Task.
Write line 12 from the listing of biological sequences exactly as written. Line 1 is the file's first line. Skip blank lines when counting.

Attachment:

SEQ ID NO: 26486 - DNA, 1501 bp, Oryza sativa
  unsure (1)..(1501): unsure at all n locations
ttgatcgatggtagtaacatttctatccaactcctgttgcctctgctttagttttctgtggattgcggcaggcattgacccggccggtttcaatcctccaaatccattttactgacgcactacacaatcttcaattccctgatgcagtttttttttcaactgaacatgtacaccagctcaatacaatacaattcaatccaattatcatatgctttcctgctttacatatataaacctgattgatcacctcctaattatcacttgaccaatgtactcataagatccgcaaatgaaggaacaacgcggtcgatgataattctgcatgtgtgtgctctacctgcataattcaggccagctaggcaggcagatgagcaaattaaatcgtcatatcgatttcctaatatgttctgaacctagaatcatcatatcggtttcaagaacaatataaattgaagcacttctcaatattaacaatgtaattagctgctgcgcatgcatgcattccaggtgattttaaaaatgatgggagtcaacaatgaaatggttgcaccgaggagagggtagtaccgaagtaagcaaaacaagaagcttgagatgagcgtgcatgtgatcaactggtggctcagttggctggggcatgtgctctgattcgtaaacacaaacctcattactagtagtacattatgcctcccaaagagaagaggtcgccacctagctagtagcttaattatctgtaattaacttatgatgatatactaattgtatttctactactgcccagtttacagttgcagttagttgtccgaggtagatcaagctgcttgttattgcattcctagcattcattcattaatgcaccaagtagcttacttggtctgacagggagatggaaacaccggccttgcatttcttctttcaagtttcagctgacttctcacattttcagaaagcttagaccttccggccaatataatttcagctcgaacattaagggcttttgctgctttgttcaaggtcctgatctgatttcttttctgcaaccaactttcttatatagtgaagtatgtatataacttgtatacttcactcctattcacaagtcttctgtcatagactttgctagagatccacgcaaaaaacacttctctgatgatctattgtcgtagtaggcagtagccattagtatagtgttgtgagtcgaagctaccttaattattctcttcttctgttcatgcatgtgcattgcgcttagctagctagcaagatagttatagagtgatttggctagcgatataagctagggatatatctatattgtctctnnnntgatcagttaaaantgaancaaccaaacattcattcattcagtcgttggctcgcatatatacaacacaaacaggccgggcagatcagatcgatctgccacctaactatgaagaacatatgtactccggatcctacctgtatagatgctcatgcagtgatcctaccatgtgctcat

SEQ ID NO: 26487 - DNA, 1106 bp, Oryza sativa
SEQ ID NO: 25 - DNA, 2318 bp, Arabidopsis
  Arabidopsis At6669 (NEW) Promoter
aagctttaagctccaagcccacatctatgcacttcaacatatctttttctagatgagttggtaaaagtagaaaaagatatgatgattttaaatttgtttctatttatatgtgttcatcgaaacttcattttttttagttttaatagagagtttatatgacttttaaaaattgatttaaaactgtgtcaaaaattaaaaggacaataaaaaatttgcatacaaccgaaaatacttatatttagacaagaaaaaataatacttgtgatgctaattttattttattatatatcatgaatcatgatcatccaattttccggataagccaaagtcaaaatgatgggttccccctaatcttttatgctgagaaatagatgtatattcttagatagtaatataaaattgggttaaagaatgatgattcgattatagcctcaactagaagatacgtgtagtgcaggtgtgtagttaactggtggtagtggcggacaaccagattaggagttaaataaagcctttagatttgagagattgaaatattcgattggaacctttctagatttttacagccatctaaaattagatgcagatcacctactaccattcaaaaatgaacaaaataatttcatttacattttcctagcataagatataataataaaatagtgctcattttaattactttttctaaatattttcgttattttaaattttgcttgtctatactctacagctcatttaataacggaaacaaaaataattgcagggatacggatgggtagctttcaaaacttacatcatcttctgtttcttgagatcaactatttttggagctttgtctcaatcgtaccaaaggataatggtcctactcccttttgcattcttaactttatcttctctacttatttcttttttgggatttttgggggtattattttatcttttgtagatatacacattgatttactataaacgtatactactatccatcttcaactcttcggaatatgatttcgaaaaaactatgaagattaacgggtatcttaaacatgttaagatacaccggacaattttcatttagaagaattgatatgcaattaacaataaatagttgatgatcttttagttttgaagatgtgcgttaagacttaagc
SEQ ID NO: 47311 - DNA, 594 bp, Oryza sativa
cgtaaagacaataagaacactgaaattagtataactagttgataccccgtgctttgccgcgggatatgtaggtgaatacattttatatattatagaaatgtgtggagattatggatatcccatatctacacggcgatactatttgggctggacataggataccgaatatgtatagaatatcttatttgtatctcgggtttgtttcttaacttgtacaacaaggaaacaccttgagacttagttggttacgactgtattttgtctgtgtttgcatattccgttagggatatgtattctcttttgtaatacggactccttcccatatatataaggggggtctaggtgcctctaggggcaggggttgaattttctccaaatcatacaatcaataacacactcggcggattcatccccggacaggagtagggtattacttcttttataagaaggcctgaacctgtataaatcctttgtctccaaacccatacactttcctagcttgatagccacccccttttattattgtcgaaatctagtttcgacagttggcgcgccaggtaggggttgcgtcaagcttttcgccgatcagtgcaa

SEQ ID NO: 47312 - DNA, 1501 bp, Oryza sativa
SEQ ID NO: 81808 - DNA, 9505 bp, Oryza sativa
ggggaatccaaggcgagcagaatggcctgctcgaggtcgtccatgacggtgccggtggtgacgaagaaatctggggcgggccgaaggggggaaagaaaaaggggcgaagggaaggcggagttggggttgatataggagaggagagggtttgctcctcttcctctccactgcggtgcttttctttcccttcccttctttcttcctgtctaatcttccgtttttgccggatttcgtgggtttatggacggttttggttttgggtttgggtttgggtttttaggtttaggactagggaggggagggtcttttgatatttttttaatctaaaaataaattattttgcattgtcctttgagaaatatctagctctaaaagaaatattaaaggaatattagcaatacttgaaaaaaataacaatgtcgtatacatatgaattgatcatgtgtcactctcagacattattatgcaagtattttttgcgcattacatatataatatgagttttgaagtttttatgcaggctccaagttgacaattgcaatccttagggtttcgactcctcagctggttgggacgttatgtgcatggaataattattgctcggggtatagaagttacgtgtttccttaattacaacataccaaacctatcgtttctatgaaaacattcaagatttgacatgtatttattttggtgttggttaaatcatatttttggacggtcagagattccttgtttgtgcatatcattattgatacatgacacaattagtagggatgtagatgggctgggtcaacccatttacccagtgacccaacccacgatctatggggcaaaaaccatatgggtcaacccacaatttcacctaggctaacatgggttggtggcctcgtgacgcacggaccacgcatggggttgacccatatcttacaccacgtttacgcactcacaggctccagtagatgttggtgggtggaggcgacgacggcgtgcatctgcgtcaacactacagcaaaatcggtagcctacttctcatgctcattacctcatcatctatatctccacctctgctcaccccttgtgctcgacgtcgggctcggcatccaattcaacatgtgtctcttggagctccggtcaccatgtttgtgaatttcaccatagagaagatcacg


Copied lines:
ggggaatccaaggcgagcagaatggcctgctcgaggtcgtccatgacggtgccggtggtgacgaagaaatctggggcgggccgaaggggggaaagaaaaaggggcgaagggaaggcggagttggggttgatataggagaggagagggtttgctcctcttcctctccactgcggtgcttttctttcccttcccttctttcttcctgtctaatcttccgtttttgccggatttcgtgggtttatggacggttttggttttgggtttgggtttgggtttttaggtttaggactagggaggggagggtcttttgatatttttttaatctaaaaataaattattttgcattgtcctttgagaaatatctagctctaaaagaaatattaaaggaatattagcaatacttgaaaaaaataacaatgtcgtatacatatgaattgatcatgtgtcactctcagacattattatgcaagtattttttgcgcattacatatataatatgagttttgaagtttttatgcaggctccaagttgacaattgcaatccttagggtttcgactcctcagctggttgggacgttatgtgcatggaataattattgctcggggtatagaagttacgtgtttccttaattacaacataccaaacctatcgtttctatgaaaacattcaagatttgacatgtatttattttggtgttggttaaatcatatttttggacggtcagagattccttgtttgtgcatatcattattgatacatgacacaattagtagggatgtagatgggctgggtcaacccatttacccagtgacccaacccacgatctatggggcaaaaaccatatgggtcaacccacaatttcacctaggctaacatgggttggtggcctcgtgacgcacggaccacgcatggggttgacccatatcttacaccacgtttacgcactcacaggctccagtagatgttggtgggtggaggcgacgacggcgtgcatctgcgtcaacactacagcaaaatcggtagcctacttctcatgctcattacctcatcatctatatctccacctctgctcaccccttgtgctcgacgtcgggctcggcatccaattcaacatgtgtctcttggagctccggtcaccatgtttgtgaatttcaccatagagaagatcacg